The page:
Football and MMA aren’t forms of art?

The Golden Globe Awards were last night and if you’ve launched any social media or culture outlet today you probably know about Meryl Streep’s acceptance speech for the Cecil B. DeMille Lifetime Achievement Award.  She spoke on the geographically diverse talent pool in Hollywood and that if they were kicked out, “…we’ll have nothing to watch but football and mixed martial arts, which are not the arts.”

Sure, athletic competition is certainly not a fine (high) art form (painting, pottery, sculpting, architecture, music, opera, theatre, poetry).  The activity itself, though, is a performing art as much as dance.  Moreover, as televised football and mixed martial arts are very much part of the visual arts (photography, film, video, digital media), I argue that the representation of these athletic experiences, especially with an audience, is artful in their own voyeuristic physics-at-work ways.  Sanctioned body trauma and sometimes in slow motion. Sweat ricochets, inertia observed, crash-test dummy whooshes, and it is a wonder why some of us like to watch adults inflict physical pain onto each other for entertainment.*

~!~

And now for some other performing arts that is just as athletic but without all the violence.

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*Of course, NFL Films changed profoundly how we think about football game play vis-a-vis how we see it.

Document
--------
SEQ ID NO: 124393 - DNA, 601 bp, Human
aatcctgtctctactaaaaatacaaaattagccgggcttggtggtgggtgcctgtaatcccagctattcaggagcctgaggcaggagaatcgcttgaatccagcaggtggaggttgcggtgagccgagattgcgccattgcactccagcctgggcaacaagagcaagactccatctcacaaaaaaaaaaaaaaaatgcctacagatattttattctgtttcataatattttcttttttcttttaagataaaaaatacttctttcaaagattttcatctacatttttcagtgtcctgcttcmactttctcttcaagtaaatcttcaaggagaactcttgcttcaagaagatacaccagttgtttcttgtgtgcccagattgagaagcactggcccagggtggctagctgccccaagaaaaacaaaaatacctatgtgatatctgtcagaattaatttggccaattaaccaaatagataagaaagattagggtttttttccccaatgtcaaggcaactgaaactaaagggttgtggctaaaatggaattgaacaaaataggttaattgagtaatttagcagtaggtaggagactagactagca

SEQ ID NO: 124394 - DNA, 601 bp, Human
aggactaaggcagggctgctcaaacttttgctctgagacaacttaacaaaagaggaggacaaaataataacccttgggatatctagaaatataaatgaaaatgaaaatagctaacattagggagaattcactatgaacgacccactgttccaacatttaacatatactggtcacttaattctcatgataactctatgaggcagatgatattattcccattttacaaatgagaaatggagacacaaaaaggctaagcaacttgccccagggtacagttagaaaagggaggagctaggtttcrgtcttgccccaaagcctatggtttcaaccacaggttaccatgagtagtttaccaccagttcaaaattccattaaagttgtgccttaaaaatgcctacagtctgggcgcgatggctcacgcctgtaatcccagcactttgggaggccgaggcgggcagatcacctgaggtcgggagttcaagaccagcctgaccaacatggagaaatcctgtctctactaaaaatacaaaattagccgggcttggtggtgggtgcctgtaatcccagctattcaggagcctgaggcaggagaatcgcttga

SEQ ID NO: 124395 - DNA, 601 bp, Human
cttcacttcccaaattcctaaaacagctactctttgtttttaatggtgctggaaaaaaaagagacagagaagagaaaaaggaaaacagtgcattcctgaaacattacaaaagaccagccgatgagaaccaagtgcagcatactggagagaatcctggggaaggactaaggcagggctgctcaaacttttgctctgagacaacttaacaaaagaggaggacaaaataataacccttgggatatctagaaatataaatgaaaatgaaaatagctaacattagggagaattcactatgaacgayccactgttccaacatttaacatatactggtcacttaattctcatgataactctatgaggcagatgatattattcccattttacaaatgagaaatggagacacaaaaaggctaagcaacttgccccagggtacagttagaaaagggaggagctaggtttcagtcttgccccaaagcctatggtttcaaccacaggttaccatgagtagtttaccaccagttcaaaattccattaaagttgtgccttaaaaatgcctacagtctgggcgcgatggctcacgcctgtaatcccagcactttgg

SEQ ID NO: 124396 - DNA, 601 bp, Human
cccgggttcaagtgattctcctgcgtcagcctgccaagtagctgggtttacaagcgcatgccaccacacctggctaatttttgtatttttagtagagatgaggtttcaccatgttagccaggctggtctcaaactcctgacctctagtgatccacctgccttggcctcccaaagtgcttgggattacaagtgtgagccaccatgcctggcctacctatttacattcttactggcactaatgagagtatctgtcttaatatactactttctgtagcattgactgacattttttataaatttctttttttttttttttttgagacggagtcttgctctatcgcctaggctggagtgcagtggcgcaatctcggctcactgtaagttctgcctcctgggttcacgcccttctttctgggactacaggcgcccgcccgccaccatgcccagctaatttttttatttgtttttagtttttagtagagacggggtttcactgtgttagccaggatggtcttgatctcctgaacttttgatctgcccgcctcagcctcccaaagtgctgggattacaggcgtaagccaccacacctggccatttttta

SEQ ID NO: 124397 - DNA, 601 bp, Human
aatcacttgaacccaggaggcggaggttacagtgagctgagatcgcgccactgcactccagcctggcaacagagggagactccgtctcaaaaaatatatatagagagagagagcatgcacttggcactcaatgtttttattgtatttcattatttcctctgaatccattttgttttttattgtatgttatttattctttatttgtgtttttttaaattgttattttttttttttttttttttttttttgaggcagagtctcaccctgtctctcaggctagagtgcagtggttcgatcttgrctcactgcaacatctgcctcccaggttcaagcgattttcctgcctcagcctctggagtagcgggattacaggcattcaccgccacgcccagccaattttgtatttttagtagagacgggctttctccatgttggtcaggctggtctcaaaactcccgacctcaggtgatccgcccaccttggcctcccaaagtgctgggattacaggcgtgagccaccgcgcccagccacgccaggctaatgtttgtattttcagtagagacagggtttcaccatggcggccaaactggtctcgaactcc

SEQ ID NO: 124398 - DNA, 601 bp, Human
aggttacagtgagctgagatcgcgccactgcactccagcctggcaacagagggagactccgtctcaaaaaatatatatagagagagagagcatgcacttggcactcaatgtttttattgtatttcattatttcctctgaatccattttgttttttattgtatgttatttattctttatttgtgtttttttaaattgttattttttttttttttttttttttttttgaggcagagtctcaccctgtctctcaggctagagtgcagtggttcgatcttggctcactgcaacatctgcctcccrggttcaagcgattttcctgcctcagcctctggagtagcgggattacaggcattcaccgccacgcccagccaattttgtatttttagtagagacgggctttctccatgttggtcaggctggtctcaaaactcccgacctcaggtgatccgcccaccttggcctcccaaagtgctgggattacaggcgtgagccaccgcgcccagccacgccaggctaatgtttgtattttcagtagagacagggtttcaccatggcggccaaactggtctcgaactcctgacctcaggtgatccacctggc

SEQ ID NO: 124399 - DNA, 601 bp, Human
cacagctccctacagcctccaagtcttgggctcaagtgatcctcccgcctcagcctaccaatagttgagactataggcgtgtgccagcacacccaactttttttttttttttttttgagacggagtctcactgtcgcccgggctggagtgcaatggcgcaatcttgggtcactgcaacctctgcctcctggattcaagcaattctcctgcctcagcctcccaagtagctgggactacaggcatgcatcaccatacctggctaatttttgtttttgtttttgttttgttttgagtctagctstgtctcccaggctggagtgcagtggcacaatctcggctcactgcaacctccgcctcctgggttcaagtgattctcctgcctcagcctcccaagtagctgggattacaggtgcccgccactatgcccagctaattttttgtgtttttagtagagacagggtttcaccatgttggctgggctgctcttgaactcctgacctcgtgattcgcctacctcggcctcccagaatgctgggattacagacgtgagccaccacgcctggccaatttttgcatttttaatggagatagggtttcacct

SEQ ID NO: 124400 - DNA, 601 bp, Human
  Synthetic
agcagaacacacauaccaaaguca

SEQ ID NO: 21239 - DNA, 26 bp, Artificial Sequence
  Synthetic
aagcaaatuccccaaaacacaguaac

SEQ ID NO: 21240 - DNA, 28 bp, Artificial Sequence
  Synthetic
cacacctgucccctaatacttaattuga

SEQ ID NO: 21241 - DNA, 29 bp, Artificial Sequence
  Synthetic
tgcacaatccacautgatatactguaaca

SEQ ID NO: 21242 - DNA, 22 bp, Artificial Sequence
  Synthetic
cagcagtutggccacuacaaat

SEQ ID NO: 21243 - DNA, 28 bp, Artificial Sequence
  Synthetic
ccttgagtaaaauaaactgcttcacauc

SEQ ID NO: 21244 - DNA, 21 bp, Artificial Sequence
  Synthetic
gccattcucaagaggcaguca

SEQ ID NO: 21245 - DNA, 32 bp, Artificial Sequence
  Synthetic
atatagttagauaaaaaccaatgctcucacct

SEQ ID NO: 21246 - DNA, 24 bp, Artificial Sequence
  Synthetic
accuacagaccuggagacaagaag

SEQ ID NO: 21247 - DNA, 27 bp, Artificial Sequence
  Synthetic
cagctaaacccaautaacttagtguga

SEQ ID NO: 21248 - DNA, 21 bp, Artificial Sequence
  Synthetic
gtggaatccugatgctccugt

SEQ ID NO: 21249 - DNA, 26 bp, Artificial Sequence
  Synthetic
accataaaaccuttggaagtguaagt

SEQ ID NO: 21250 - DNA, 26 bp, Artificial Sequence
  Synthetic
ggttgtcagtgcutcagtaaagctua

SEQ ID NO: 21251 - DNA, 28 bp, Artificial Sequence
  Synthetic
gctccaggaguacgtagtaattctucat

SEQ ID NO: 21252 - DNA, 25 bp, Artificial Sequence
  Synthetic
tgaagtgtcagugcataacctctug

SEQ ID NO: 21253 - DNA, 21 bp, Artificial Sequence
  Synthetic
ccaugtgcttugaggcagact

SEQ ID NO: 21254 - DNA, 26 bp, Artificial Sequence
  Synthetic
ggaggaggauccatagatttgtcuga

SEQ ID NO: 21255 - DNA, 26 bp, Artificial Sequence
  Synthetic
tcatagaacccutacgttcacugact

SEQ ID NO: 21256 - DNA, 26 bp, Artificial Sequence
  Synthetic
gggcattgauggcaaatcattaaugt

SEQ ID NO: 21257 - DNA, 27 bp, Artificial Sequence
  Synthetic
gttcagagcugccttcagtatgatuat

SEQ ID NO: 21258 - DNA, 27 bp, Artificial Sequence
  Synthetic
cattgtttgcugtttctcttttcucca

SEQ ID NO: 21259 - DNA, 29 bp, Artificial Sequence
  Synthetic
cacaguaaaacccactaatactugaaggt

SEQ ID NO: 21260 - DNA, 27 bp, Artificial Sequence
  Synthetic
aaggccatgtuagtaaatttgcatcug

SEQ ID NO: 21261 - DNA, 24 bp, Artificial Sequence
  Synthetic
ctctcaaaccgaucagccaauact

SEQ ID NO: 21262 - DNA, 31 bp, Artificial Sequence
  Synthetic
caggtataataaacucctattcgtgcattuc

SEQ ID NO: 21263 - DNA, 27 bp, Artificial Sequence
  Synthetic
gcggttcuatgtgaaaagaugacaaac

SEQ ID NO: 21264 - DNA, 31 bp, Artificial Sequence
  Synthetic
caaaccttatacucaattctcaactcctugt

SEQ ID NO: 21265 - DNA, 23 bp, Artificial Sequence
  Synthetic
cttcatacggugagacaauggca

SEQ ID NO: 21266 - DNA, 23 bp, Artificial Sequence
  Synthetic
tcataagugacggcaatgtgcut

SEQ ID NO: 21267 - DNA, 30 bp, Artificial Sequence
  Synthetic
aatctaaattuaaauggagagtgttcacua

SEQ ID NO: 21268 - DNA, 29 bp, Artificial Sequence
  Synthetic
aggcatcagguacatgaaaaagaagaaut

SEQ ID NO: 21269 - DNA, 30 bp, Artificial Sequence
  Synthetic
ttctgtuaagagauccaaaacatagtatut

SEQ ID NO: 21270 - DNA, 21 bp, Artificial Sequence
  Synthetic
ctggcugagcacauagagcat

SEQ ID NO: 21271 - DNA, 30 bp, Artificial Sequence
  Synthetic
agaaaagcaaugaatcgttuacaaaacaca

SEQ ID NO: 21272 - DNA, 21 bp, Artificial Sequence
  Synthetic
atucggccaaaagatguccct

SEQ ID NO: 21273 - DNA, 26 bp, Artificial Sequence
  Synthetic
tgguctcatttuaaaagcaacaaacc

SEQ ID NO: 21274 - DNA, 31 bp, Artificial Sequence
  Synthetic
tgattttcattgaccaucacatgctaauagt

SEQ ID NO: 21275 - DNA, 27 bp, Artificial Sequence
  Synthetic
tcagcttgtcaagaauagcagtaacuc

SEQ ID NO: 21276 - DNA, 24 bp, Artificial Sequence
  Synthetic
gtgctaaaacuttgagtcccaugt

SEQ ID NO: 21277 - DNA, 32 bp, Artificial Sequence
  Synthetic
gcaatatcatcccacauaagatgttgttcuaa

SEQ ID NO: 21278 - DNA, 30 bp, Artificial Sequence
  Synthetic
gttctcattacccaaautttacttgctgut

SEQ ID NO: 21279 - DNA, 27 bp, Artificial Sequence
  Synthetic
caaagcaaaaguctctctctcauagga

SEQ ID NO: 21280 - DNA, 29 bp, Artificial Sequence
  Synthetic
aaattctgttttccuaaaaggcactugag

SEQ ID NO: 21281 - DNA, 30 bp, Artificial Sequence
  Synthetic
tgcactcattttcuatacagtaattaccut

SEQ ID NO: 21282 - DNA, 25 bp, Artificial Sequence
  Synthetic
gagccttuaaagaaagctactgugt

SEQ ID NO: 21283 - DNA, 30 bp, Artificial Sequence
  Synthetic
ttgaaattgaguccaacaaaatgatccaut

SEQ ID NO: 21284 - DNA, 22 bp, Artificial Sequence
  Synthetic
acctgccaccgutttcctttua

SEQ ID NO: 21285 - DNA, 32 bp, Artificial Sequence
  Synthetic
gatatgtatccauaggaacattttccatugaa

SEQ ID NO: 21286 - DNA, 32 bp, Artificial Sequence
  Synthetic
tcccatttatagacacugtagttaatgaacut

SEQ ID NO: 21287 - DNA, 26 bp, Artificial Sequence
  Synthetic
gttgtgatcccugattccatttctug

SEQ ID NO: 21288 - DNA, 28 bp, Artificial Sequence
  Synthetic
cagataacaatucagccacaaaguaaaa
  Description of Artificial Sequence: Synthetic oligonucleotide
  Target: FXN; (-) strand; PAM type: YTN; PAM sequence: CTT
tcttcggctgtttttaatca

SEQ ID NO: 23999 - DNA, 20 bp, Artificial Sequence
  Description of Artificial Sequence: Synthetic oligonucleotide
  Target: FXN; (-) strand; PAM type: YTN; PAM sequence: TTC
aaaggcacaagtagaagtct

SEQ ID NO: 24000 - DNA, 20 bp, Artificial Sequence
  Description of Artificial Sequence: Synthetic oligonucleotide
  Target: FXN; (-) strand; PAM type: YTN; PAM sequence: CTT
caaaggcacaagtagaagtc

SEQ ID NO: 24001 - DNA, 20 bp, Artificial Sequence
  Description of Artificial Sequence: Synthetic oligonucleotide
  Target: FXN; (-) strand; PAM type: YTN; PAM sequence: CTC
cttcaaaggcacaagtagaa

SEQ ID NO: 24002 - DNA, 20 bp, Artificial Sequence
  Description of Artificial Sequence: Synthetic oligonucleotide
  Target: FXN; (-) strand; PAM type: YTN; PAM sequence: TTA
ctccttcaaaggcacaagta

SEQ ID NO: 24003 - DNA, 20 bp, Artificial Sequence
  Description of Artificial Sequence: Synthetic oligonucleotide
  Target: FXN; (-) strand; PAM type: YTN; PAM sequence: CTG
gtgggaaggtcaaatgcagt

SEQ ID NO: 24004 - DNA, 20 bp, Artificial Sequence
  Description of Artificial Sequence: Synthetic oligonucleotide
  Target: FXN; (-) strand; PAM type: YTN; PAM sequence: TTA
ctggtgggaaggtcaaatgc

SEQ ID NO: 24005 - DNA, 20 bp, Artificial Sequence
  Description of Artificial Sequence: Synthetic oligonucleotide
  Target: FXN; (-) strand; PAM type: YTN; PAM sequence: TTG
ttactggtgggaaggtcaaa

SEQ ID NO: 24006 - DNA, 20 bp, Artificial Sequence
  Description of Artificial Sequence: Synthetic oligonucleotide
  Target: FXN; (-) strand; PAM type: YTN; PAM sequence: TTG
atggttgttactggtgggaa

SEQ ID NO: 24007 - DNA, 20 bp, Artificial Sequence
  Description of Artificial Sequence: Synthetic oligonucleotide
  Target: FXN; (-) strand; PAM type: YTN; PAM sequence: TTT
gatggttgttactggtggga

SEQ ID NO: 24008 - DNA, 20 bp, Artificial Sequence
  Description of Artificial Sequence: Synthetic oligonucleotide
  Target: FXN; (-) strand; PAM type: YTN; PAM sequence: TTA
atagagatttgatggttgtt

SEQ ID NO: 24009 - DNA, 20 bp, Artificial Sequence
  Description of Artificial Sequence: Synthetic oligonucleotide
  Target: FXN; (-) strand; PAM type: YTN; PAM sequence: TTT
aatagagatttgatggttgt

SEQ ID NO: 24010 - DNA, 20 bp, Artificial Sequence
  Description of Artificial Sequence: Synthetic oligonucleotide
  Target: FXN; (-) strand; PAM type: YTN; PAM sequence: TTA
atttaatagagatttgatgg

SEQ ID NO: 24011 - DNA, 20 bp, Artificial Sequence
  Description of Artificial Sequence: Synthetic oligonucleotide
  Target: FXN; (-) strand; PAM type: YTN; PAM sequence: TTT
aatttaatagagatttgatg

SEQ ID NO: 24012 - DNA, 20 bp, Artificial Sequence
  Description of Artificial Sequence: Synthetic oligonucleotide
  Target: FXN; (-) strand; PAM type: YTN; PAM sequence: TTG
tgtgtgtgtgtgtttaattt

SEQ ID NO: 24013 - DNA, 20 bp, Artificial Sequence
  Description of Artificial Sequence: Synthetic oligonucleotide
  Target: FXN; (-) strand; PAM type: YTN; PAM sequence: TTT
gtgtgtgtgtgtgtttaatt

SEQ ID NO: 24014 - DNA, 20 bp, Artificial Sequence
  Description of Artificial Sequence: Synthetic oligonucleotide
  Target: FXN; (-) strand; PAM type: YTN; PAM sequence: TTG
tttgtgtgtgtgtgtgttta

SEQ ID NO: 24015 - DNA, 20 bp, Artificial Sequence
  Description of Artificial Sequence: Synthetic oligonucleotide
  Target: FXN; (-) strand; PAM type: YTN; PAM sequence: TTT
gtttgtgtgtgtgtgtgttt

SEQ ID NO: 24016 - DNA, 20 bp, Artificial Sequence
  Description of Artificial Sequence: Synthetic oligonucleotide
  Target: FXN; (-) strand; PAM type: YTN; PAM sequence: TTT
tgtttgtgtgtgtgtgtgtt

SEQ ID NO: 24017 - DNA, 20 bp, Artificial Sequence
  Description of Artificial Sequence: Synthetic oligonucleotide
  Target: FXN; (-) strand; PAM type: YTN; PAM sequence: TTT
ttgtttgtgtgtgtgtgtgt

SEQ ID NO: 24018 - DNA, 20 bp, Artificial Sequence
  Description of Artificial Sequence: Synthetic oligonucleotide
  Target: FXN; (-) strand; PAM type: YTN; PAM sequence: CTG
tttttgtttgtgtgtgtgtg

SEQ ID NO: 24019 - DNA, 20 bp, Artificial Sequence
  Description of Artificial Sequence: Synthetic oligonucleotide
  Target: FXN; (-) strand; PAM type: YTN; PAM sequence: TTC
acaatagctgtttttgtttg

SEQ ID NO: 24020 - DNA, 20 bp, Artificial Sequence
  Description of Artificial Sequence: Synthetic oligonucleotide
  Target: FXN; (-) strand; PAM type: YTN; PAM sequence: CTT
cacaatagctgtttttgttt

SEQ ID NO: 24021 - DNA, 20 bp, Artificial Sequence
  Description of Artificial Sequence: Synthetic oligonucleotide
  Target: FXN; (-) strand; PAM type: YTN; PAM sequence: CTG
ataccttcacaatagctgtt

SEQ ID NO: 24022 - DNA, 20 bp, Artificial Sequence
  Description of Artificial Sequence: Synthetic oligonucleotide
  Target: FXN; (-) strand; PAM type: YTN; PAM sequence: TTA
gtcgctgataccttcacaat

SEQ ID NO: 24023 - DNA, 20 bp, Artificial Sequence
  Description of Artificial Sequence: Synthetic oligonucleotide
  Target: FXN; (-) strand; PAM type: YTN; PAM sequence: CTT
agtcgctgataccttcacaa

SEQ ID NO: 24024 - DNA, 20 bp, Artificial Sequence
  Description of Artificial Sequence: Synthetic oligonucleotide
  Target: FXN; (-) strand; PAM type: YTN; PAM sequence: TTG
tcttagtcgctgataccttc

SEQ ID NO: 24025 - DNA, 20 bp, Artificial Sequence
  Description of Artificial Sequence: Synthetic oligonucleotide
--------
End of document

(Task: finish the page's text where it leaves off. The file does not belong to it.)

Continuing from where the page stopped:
5 thoughts on “Football and MMA aren’t forms of art?

  1. Kavitha

    I think she should have thought through that comment more carefully. Agree with your depiction of sports and football. When I heard that, I immediately thought: wait, what a bout pretty much every anime ever made that incorporates some version of martial arts: Naruto, Rurouni Kenshin, Inuyasha. The list is endless, right? And all of the movies not to mention. It always sits badly with me when people try to define what is art, what is not art. Since George Michael is still fresh in my mind, he once said “how can you not realize that the elation of a good pop record is an art form?” and even talked about it as our only daily, moving art form. Or what is good vs. trash literature. I don’t think any one person gets to decide that for the whole: it’s in the eye of the beholder.

    Reply
    1. sittingpugs Post author

      There are still debates around what is a game and not a sport (when does a game become a sport), accepting that athletic arts is more than dance and ice skating will take a long time and likely be just as debated.

      Reply
  2. Christopher

    Ce qu’est l’art est dans le regard de celui qui le contemple. C’est-à-dire, l’art est dans les yeux qui regardent.

    While Meryl Streep’s words about football and mixed martial arts told us nothing about football or mixed martial arts, they did tell us something about…………Meryl Streep.

    Reply
    1. sittingpugs Post author

      Tu as raison. Would Meryl Streep consider rhythmic gymnastics to be art? Possibly. Would she consider archery or fencing to be art? One could argue that when it comes to (competitive) spectator sports and athletic activities aside from dance, if one isn’t creating something, there is reluctance to consider that athletic display to be an art form. Televised sports are visual art forms because there is production and reproduction happening simultaneously.

      But, once upon a time, the technology wasn’t there to record recitations of poetry or theatre performances. So, being able to make a “copy” of an art event isn’t a prequisite.

      Reply
  3. Ajuan

    I really do agree, I think football players and martial artists are definitely artists in their own right! Beauty is in the eye of the beholder as they say!

    Reply

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